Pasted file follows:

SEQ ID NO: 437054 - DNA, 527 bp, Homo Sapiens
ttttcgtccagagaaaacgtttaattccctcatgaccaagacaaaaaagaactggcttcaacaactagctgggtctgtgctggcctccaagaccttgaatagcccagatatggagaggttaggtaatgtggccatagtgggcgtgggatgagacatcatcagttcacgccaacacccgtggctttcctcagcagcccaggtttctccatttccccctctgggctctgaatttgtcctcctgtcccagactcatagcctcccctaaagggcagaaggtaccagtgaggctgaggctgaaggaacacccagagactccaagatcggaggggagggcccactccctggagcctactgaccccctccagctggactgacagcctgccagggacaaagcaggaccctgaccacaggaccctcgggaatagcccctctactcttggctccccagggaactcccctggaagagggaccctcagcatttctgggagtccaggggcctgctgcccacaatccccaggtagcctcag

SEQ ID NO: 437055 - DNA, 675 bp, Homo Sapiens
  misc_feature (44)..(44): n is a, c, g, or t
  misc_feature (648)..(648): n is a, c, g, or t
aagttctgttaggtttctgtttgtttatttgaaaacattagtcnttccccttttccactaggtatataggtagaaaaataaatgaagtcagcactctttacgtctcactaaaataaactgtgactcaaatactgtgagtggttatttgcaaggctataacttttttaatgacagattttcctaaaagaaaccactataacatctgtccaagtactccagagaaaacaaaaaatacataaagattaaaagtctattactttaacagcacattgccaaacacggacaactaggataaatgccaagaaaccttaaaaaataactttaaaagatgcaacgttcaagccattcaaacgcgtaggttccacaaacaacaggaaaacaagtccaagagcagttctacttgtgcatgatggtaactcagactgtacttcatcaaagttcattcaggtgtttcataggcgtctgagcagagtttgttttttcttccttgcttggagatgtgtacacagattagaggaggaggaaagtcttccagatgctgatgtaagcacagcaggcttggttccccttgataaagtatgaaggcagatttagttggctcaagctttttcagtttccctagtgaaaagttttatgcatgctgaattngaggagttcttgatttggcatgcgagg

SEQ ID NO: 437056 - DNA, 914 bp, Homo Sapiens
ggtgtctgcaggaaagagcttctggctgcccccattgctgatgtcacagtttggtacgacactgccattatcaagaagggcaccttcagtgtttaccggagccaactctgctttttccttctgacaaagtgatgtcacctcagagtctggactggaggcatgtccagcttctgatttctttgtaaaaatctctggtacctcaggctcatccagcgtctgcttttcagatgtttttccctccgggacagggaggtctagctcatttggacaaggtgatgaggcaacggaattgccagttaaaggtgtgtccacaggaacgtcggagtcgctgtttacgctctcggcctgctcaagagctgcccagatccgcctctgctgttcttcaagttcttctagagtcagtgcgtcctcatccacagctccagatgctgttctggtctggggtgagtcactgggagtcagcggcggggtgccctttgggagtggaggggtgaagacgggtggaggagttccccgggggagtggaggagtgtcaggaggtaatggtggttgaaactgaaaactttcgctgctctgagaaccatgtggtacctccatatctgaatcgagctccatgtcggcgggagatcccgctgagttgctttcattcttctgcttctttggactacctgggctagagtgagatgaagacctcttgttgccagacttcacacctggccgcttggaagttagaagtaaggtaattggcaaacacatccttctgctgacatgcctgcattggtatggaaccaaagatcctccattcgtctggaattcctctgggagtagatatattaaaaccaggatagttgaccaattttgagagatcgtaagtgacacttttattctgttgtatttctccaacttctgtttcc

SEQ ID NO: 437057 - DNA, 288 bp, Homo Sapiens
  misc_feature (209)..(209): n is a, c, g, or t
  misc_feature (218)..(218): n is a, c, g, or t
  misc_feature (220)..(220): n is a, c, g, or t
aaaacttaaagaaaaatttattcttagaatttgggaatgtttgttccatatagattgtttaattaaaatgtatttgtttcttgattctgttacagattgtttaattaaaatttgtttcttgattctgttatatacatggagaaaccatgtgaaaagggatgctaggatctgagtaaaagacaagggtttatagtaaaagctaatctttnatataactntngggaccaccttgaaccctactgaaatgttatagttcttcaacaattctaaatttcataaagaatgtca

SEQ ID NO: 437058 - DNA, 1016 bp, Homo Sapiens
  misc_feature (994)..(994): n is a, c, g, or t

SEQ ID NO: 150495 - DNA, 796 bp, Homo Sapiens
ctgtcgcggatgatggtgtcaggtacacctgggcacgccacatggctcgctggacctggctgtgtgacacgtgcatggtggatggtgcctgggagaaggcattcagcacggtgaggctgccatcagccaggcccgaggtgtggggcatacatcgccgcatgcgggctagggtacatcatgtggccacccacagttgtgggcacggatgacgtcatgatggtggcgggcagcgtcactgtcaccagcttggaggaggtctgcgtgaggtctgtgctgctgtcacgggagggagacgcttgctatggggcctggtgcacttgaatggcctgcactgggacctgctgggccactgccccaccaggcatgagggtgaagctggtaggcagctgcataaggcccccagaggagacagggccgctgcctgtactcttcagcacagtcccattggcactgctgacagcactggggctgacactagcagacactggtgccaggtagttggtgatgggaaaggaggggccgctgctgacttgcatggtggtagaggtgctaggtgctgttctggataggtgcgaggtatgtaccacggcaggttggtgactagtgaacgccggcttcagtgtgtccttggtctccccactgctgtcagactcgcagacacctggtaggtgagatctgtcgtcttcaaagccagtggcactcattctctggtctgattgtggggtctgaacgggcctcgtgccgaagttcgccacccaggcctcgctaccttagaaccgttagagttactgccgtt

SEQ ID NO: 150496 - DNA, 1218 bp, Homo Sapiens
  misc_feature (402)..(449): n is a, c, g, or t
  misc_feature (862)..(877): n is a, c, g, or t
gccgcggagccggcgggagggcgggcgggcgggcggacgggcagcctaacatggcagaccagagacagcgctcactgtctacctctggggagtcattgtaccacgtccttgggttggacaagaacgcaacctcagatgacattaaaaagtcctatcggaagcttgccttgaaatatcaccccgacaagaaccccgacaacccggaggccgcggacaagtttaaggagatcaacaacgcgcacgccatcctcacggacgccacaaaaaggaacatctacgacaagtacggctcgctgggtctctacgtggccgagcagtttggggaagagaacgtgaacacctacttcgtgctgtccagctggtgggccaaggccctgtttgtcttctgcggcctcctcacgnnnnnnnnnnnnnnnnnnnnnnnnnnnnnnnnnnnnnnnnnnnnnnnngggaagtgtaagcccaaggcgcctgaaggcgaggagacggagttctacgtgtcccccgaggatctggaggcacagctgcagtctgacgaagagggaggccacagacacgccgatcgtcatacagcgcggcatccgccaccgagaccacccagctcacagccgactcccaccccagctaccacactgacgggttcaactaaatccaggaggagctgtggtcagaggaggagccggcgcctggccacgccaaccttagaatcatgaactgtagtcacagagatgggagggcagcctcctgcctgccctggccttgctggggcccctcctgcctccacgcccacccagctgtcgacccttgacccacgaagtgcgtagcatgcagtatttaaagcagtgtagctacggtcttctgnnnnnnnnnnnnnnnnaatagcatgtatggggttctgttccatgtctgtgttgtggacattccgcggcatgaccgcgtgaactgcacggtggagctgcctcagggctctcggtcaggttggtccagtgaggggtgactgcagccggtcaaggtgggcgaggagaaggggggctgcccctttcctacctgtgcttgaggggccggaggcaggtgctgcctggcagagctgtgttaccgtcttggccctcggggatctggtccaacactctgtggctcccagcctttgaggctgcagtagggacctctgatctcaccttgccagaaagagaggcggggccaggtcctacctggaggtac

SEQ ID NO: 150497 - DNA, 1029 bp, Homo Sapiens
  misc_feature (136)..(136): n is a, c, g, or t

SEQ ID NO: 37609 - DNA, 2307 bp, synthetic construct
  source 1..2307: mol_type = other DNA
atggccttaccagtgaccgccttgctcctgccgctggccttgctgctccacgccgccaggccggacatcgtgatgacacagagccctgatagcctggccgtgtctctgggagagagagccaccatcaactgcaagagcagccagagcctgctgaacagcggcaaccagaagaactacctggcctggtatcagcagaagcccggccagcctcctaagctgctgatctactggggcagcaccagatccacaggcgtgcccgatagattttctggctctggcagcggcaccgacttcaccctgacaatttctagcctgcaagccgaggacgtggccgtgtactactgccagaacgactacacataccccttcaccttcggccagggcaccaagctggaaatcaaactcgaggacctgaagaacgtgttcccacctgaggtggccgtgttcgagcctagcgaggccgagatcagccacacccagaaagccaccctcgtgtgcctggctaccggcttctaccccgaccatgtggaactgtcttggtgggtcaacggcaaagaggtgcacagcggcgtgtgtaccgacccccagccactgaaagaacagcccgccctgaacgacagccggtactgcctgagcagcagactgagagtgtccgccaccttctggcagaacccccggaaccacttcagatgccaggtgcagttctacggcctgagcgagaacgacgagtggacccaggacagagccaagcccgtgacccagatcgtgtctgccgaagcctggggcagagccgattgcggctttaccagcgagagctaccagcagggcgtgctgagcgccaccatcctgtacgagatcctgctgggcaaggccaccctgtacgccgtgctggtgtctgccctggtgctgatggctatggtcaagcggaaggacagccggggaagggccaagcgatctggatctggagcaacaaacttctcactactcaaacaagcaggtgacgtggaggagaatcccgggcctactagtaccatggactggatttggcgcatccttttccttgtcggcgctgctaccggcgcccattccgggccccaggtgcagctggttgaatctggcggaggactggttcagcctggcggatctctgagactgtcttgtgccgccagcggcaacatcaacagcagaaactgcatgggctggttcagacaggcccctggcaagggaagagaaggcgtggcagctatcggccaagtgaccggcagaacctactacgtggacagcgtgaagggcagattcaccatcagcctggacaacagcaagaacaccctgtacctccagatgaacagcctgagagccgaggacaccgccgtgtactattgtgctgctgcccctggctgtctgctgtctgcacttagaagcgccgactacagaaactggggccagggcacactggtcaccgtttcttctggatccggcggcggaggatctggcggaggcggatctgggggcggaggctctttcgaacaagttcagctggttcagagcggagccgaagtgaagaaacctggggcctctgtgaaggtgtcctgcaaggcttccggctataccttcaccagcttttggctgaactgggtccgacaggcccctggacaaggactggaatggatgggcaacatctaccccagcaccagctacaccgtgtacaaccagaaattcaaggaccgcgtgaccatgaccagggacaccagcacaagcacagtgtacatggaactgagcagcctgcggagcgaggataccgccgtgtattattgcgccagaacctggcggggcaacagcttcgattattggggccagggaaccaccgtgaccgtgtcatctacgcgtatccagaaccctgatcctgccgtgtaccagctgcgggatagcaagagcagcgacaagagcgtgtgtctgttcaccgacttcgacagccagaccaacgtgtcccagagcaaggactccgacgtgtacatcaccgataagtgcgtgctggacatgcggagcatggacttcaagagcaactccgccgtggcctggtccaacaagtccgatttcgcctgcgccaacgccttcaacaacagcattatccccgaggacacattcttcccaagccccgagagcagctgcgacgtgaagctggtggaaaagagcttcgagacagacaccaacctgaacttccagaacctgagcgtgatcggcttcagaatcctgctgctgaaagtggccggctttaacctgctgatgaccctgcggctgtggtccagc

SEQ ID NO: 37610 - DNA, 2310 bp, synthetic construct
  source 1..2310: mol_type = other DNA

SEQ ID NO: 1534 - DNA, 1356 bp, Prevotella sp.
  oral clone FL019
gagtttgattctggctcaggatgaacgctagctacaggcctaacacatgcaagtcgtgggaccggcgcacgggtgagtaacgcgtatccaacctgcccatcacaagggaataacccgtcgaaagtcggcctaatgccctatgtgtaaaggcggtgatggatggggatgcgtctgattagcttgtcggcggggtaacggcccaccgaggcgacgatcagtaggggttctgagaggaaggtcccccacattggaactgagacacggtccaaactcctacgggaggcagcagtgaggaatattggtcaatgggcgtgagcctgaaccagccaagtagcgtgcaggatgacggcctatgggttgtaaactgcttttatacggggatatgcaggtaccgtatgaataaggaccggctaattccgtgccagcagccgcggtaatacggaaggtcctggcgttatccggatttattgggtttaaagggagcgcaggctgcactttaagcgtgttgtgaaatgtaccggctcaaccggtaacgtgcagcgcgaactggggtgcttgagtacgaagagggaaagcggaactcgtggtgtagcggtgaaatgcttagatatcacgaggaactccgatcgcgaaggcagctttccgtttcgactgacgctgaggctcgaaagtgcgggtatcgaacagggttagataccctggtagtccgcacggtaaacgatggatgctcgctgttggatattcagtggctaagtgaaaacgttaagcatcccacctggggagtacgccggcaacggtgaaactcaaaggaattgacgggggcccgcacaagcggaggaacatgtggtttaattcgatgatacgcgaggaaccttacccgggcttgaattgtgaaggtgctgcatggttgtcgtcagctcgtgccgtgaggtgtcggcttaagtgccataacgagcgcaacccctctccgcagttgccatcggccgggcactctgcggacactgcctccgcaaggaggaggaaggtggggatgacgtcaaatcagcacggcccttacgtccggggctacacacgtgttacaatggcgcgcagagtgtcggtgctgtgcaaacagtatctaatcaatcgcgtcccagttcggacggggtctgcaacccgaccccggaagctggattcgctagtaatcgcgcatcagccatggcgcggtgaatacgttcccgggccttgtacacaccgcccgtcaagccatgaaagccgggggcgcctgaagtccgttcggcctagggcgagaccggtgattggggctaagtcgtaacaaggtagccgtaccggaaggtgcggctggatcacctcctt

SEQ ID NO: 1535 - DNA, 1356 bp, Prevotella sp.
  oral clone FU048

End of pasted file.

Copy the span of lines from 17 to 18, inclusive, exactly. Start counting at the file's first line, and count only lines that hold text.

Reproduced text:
ctgtcgcggatgatggtgtcaggtacacctgggcacgccacatggctcgctggacctggctgtgtgacacgtgcatggtggatggtgcctgggagaaggcattcagcacggtgaggctgccatcagccaggcccgaggtgtggggcatacatcgccgcatgcgggctagggtacatcatgtggccacccacagttgtgggcacggatgacgtcatgatggtggcgggcagcgtcactgtcaccagcttggaggaggtctgcgtgaggtctgtgctgctgtcacgggagggagacgcttgctatggggcctggtgcacttgaatggcctgcactgggacctgctgggccactgccccaccaggcatgagggtgaagctggtaggcagctgcataaggcccccagaggagacagggccgctgcctgtactcttcagcacagtcccattggcactgctgacagcactggggctgacactagcagacactggtgccaggtagttggtgatgggaaaggaggggccgctgctgacttgcatggtggtagaggtgctaggtgctgttctggataggtgcgaggtatgtaccacggcaggttggtgactagtgaacgccggcttcagtgtgtccttggtctccccactgctgtcagactcgcagacacctggtaggtgagatctgtcgtcttcaaagccagtggcactcattctctggtctgattgtggggtctgaacgggcctcgtgccgaagttcgccacccaggcctcgctaccttagaaccgttagagttactgccgtt

SEQ ID NO: 150496 - DNA, 1218 bp, Homo Sapiens